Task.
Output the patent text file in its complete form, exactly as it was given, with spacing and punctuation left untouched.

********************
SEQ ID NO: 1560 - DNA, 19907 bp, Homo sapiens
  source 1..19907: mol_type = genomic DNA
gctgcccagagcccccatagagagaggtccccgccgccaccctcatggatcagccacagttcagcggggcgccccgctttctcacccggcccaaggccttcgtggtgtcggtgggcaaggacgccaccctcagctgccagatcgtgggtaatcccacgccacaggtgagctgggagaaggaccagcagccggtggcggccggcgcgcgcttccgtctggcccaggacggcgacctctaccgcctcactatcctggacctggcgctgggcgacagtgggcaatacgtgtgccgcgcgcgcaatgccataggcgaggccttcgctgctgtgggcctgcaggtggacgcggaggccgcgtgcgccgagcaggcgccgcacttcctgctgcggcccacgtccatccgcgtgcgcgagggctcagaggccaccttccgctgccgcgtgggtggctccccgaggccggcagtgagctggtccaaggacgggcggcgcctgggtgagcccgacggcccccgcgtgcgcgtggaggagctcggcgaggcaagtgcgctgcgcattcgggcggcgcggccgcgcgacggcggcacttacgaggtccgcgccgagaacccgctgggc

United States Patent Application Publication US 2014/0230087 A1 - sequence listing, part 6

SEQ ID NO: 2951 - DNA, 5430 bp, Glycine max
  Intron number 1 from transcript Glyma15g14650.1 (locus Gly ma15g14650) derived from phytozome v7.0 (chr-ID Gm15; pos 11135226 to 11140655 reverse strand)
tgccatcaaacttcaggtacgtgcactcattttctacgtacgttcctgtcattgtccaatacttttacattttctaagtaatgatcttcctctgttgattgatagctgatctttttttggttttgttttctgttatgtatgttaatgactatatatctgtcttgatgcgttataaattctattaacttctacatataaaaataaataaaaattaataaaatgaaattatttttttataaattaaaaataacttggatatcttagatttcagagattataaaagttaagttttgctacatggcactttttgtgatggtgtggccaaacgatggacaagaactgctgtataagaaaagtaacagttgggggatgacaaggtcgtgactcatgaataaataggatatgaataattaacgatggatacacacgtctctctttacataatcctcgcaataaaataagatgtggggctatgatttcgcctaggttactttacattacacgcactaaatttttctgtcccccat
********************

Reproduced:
SEQ ID NO: 1560 - DNA, 19907 bp, Homo sapiens
  source 1..19907: mol_type = genomic DNA
gctgcccagagcccccatagagagaggtccccgccgccaccctcatggatcagccacagttcagcggggcgccccgctttctcacccggcccaaggccttcgtggtgtcggtgggcaaggacgccaccctcagctgccagatcgtgggtaatcccacgccacaggtgagctgggagaaggaccagcagccggtggcggccggcgcgcgcttccgtctggcccaggacggcgacctctaccgcctcactatcctggacctggcgctgggcgacagtgggcaatacgtgtgccgcgcgcgcaatgccataggcgaggccttcgctgctgtgggcctgcaggtggacgcggaggccgcgtgcgccgagcaggcgccgcacttcctgctgcggcccacgtccatccgcgtgcgcgagggctcagaggccaccttccgctgccgcgtgggtggctccccgaggccggcagtgagctggtccaaggacgggcggcgcctgggtgagcccgacggcccccgcgtgcgcgtggaggagctcggcgaggcaagtgcgctgcgcattcgggcggcgcggccgcgcgacggcggcacttacgaggtccgcgccgagaacccgctgggc

United States Patent Application Publication US 2014/0230087 A1 - sequence listing, part 6

SEQ ID NO: 2951 - DNA, 5430 bp, Glycine max
  Intron number 1 from transcript Glyma15g14650.1 (locus Gly ma15g14650) derived from phytozome v7.0 (chr-ID Gm15; pos 11135226 to 11140655 reverse strand)
tgccatcaaacttcaggtacgtgcactcattttctacgtacgttcctgtcattgtccaatacttttacattttctaagtaatgatcttcctctgttgattgatagctgatctttttttggttttgttttctgttatgtatgttaatgactatatatctgtcttgatgcgttataaattctattaacttctacatataaaaataaataaaaattaataaaatgaaattatttttttataaattaaaaataacttggatatcttagatttcagagattataaaagttaagttttgctacatggcactttttgtgatggtgtggccaaacgatggacaagaactgctgtataagaaaagtaacagttgggggatgacaaggtcgtgactcatgaataaataggatatgaataattaacgatggatacacacgtctctctttacataatcctcgcaataaaataagatgtggggctatgatttcgcctaggttactttacattacacgcactaaatttttctgtcccccat